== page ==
In 1949, Geiger did an empirical study of social stratification in Aarhus.[3] The study was conducted through the general census of Aarhus, by adding a question about father's occupation and father-in-law's occupation, in addition to asking the subject's own occupation.[3] The participants included over 40,000 men.[1] The study was done carefully and objectively. He took all factors and variables into account to ensure validity.[1] Instead of looking at individual relationships for evidence in his analysis, he paid attention to group fluctuations that affected large scale changes in size and social rank of groups and instead of looking at vertical mobility, he looked at mobility between generations, throughout eighteen occupational categories.[1] The main result of the data was a decrease in social mobility over time.[3] In Geiger's analysis, he took these findings to reflect a period of increasing stability following a period of stratification type transition.[1] He attributed this to the democratization of Denmark in the 1930s and 1940s that he claims led to a decrease in the need and desire for upward mobility.[3]

Ideology and Value-free thought[edit]

Ideology to Geiger is "a concept in the theory of knowledge," or "the atheoretical taken theoretically."[2] His actual definition of ideology was: A statement that has or is presented to have an apparent meaning, claiming to be theoretical and factual while maintaining elements that are not theoretical, objective, or empirically supported and/or valid.[1] His theory of ideology, resting on a methodological basis, was: "That to claim objective truth from a creation of the imagination is an ideology and is invalid".[1] Geiger was very concerned with Value Freedom, or the difference between value and fact, and the belief that Science cannot be valid when making Value-judgements.[1] A Value-judgement is an ideological statement because it disguises a value as a statement of fact, claiming to be valid and objective.[1] Geiger was led to these beliefs by the Uppsala school and Hägerstrom.[2]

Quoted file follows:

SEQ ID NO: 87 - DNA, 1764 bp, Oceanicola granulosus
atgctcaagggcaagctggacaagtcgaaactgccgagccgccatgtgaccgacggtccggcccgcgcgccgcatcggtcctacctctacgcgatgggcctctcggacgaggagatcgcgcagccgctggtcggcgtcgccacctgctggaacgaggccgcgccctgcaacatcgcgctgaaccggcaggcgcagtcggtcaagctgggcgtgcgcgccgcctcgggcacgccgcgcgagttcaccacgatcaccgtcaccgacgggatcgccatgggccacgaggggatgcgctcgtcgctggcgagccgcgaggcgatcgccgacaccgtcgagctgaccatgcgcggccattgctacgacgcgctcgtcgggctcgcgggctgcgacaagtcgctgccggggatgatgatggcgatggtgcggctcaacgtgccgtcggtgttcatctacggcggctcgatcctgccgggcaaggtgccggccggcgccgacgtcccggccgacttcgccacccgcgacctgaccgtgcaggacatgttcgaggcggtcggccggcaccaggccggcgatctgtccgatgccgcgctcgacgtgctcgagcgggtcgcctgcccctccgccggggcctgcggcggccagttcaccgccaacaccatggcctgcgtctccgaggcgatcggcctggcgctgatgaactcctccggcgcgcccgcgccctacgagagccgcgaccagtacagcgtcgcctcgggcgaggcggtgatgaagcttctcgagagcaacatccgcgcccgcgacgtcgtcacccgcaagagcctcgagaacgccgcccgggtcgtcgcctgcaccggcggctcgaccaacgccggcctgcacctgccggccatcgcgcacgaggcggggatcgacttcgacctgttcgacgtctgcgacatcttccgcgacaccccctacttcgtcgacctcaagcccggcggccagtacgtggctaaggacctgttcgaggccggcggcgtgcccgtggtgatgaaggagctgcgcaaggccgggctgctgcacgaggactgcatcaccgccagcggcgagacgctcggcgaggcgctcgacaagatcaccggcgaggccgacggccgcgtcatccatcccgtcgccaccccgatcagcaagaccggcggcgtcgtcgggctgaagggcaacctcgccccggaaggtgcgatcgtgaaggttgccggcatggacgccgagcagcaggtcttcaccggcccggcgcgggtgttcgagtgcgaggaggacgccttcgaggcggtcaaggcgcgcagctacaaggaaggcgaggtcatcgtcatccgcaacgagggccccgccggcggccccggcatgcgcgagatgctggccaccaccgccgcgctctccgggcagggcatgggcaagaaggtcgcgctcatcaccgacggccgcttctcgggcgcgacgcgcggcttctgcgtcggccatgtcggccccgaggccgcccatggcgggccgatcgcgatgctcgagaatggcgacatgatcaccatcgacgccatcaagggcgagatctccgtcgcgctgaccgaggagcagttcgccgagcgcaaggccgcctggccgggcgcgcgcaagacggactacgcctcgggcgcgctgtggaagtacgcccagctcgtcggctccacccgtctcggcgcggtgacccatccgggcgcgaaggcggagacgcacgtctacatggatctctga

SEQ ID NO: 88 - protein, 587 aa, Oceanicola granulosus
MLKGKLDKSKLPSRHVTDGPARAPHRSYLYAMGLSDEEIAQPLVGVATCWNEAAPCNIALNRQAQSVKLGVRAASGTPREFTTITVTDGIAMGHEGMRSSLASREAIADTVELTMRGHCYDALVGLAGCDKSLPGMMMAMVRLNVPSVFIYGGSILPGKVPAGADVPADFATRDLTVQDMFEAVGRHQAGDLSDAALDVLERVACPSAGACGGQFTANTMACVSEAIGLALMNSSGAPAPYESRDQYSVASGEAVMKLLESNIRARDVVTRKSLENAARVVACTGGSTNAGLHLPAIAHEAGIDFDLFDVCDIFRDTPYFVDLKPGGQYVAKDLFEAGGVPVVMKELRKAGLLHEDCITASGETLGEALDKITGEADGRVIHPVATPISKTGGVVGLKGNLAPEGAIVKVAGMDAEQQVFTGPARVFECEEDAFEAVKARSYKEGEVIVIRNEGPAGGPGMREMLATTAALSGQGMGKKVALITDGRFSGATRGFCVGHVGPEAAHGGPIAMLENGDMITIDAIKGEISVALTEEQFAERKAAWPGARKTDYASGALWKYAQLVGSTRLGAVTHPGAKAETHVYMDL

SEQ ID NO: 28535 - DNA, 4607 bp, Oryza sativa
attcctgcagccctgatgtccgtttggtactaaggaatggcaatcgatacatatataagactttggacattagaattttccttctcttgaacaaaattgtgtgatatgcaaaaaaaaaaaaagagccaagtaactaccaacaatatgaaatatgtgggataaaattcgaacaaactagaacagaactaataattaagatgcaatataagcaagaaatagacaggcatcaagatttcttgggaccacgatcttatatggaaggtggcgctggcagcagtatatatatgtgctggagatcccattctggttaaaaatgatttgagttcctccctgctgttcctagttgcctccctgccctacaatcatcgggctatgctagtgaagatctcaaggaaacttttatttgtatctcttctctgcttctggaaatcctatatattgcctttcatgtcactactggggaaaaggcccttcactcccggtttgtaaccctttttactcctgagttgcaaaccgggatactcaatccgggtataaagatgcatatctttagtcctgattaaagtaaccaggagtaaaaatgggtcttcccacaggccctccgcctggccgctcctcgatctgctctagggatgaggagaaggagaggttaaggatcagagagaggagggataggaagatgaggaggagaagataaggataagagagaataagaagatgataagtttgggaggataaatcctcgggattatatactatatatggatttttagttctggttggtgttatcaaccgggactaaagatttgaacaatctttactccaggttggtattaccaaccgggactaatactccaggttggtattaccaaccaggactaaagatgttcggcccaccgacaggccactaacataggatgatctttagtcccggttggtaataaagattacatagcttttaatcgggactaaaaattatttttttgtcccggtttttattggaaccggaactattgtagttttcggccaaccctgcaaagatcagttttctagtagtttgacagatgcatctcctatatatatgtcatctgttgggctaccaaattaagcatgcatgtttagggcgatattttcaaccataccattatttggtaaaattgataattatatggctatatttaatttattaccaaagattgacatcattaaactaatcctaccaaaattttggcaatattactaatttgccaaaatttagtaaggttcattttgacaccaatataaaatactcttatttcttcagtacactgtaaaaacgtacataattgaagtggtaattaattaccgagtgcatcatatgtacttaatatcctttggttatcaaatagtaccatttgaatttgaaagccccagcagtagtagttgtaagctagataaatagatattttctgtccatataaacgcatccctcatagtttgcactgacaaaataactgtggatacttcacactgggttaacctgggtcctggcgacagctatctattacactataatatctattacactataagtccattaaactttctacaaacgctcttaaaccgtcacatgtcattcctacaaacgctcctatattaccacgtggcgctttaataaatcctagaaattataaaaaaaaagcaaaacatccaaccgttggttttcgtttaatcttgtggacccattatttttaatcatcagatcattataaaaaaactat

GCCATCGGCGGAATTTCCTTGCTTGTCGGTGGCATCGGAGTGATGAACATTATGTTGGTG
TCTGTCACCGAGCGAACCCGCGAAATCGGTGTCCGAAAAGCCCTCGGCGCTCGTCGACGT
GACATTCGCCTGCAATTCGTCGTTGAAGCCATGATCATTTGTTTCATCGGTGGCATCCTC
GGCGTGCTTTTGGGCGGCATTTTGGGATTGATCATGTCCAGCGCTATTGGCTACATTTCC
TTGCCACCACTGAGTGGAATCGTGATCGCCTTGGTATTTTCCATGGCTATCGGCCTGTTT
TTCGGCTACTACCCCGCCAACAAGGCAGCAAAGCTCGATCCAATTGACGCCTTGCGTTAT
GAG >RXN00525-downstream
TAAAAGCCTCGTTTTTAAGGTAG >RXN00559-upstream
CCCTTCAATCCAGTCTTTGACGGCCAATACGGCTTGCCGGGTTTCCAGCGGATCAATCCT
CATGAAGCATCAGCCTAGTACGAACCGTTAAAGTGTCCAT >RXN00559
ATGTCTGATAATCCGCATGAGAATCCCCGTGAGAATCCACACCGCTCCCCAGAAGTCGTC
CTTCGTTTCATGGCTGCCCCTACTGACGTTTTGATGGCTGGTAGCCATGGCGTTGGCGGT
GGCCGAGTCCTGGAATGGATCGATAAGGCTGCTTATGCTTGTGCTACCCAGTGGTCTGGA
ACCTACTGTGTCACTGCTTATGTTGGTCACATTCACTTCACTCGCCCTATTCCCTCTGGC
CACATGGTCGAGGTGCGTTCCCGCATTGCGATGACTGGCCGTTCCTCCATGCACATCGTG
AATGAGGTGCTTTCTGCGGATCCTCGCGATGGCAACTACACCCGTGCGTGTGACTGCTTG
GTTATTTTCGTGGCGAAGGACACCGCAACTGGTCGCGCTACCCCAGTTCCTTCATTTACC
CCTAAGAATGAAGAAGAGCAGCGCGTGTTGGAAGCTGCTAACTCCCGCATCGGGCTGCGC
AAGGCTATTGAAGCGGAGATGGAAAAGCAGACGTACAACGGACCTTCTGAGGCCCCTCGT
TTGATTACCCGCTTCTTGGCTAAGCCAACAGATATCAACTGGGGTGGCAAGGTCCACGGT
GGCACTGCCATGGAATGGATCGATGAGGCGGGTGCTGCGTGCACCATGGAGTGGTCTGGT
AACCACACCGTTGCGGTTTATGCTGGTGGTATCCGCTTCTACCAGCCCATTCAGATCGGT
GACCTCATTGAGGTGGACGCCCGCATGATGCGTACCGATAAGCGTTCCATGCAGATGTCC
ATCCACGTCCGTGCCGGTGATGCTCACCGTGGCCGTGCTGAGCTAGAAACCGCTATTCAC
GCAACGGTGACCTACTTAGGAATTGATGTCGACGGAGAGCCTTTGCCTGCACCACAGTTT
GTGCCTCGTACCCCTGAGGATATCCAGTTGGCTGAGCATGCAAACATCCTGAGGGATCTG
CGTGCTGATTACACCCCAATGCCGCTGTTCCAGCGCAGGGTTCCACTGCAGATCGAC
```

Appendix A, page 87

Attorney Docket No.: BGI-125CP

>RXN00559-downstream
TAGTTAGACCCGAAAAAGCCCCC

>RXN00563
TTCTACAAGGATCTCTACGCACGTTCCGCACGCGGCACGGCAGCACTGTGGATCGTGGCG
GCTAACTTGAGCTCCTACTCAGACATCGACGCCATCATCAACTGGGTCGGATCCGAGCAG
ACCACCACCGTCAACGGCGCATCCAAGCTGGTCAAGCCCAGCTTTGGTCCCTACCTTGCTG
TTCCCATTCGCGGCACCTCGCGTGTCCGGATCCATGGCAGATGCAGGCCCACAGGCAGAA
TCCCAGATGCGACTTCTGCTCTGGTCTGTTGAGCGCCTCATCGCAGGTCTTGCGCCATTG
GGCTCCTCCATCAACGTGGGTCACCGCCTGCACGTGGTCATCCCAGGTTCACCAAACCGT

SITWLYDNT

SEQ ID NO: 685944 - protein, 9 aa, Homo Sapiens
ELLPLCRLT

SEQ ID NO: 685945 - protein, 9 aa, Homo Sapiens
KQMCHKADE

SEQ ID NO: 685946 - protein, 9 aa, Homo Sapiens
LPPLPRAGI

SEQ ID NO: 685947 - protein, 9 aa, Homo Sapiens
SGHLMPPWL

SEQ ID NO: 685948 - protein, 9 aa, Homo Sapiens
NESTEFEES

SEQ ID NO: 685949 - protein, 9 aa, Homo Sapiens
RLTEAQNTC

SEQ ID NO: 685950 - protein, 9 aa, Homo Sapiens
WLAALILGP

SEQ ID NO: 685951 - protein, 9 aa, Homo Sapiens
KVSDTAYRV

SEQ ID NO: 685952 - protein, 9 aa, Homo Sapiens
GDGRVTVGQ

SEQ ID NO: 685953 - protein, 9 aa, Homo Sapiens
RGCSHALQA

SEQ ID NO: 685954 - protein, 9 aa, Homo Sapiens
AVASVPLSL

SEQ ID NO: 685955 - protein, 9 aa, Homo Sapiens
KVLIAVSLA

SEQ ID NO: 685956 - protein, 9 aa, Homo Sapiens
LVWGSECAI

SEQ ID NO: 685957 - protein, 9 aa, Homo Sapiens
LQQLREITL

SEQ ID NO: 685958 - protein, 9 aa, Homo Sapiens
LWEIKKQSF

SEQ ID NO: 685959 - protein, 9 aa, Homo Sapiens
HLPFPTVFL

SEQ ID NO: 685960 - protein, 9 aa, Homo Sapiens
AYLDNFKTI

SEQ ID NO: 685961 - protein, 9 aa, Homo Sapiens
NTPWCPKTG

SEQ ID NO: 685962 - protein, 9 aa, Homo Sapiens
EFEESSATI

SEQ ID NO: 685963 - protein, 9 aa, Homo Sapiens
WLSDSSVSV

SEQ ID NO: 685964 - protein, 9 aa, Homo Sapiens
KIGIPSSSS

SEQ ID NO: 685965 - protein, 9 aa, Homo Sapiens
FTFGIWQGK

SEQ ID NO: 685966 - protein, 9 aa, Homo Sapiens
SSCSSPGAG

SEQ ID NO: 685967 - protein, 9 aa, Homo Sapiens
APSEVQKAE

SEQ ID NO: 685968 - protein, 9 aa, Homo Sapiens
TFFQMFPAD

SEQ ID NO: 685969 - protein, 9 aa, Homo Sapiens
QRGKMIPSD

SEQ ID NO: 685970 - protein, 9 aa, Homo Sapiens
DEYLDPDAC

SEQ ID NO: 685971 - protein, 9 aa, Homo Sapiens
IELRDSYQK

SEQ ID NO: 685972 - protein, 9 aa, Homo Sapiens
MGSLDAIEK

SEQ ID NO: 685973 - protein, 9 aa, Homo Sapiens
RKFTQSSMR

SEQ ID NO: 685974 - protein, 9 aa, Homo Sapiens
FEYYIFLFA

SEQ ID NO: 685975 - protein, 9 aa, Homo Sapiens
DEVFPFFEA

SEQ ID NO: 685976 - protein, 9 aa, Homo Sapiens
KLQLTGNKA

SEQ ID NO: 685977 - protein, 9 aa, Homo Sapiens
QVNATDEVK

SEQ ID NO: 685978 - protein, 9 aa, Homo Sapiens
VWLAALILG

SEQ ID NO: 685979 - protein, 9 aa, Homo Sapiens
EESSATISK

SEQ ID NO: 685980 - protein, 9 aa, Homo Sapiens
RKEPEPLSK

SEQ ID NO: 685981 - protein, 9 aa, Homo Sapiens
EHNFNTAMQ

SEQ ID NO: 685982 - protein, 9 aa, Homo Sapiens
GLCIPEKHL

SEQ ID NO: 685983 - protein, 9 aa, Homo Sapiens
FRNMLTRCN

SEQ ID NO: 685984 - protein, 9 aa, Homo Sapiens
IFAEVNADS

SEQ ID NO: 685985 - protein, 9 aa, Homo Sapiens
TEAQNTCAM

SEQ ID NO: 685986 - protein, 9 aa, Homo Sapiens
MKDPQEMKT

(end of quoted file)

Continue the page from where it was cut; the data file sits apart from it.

Geiger's Value Nihilism refers to his advocacy for the illegitimacy of social norms made by moral claims.[1] Here, he stands in opposition to structural-functionalism.[1] Value nihilism allows for value-judgements but does not allow them to become theories.[2]

In his last work, ""Demokratie ohne Dogma"" published after his death in 1960, Geiger calls for "intellectual humanism", "enlightenment of the masses," "democratization of reason," "asceticism of emotion," and "abstinence from value judgement."[2] He considered this last work to be his greatest political contribution.[2]